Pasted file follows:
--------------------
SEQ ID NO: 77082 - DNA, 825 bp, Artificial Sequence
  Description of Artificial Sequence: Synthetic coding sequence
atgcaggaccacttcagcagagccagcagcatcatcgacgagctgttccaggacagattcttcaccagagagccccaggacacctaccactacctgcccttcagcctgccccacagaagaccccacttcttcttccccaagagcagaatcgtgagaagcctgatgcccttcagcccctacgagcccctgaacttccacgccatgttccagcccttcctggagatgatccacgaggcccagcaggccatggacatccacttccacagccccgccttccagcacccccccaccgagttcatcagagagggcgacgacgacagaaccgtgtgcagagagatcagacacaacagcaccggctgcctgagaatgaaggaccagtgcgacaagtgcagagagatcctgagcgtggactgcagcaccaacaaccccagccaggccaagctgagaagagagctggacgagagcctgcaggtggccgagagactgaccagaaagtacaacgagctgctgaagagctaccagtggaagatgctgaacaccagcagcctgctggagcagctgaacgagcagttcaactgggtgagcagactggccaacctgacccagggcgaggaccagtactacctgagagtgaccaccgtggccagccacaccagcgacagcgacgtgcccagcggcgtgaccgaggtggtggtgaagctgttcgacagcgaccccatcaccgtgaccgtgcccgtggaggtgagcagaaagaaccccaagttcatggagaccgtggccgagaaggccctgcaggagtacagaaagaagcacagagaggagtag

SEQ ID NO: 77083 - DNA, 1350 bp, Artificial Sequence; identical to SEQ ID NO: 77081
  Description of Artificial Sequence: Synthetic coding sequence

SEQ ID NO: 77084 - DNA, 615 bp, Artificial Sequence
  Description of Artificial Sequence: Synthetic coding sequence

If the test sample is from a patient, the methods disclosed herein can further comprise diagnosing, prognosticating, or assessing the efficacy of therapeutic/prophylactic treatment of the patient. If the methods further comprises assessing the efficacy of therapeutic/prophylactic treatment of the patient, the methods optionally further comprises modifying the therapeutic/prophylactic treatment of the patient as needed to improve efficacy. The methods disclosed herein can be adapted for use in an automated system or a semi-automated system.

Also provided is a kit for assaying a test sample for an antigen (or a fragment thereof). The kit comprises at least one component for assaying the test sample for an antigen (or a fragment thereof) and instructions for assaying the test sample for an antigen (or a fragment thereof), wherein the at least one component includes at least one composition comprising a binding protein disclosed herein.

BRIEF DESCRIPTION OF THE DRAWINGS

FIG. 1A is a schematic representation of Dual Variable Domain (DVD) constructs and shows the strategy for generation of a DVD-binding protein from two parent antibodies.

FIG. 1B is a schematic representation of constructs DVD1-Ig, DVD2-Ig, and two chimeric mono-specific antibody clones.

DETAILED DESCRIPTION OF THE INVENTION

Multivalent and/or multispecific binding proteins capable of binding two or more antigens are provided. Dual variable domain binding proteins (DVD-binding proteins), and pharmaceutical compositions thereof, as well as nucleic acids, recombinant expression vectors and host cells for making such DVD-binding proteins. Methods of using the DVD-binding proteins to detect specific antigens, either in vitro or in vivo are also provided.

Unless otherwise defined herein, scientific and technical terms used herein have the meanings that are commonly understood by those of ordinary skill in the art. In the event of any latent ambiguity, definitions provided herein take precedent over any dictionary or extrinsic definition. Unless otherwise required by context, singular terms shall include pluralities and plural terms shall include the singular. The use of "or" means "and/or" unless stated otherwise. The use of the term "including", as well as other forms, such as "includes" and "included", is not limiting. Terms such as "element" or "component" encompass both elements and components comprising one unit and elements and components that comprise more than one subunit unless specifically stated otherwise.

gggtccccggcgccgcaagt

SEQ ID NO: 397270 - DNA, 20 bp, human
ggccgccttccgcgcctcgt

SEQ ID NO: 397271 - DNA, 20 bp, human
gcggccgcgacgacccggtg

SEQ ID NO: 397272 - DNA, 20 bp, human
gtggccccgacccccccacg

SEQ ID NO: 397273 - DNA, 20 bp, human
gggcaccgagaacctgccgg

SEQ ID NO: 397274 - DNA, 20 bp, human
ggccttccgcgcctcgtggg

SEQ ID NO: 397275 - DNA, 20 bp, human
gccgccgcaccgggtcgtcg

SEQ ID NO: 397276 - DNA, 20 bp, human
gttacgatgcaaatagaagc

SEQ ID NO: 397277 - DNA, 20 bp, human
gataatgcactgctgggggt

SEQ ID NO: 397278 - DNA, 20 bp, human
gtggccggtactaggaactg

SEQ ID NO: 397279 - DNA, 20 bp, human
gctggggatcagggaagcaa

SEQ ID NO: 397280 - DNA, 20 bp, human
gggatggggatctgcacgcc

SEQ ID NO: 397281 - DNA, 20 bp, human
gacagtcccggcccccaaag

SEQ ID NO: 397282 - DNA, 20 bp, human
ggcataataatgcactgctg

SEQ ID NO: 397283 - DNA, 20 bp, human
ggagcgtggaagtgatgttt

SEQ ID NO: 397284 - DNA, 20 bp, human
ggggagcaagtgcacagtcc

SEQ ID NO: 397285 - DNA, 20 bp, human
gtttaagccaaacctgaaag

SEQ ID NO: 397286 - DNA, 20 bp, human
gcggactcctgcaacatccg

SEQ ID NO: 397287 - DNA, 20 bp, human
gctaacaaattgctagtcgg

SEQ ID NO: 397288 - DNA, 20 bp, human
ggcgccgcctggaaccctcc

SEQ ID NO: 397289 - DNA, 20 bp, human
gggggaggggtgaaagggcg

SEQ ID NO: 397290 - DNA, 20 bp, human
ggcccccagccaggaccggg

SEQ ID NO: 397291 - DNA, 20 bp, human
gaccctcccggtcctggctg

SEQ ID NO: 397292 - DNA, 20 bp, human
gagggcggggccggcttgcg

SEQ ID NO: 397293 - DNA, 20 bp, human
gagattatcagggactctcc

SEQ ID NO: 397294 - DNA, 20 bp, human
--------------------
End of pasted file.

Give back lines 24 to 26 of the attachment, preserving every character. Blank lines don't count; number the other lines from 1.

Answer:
gggcaccgagaacctgccgg

SEQ ID NO: 397274 - DNA, 20 bp, human
ggccttccgcgcctcgtggg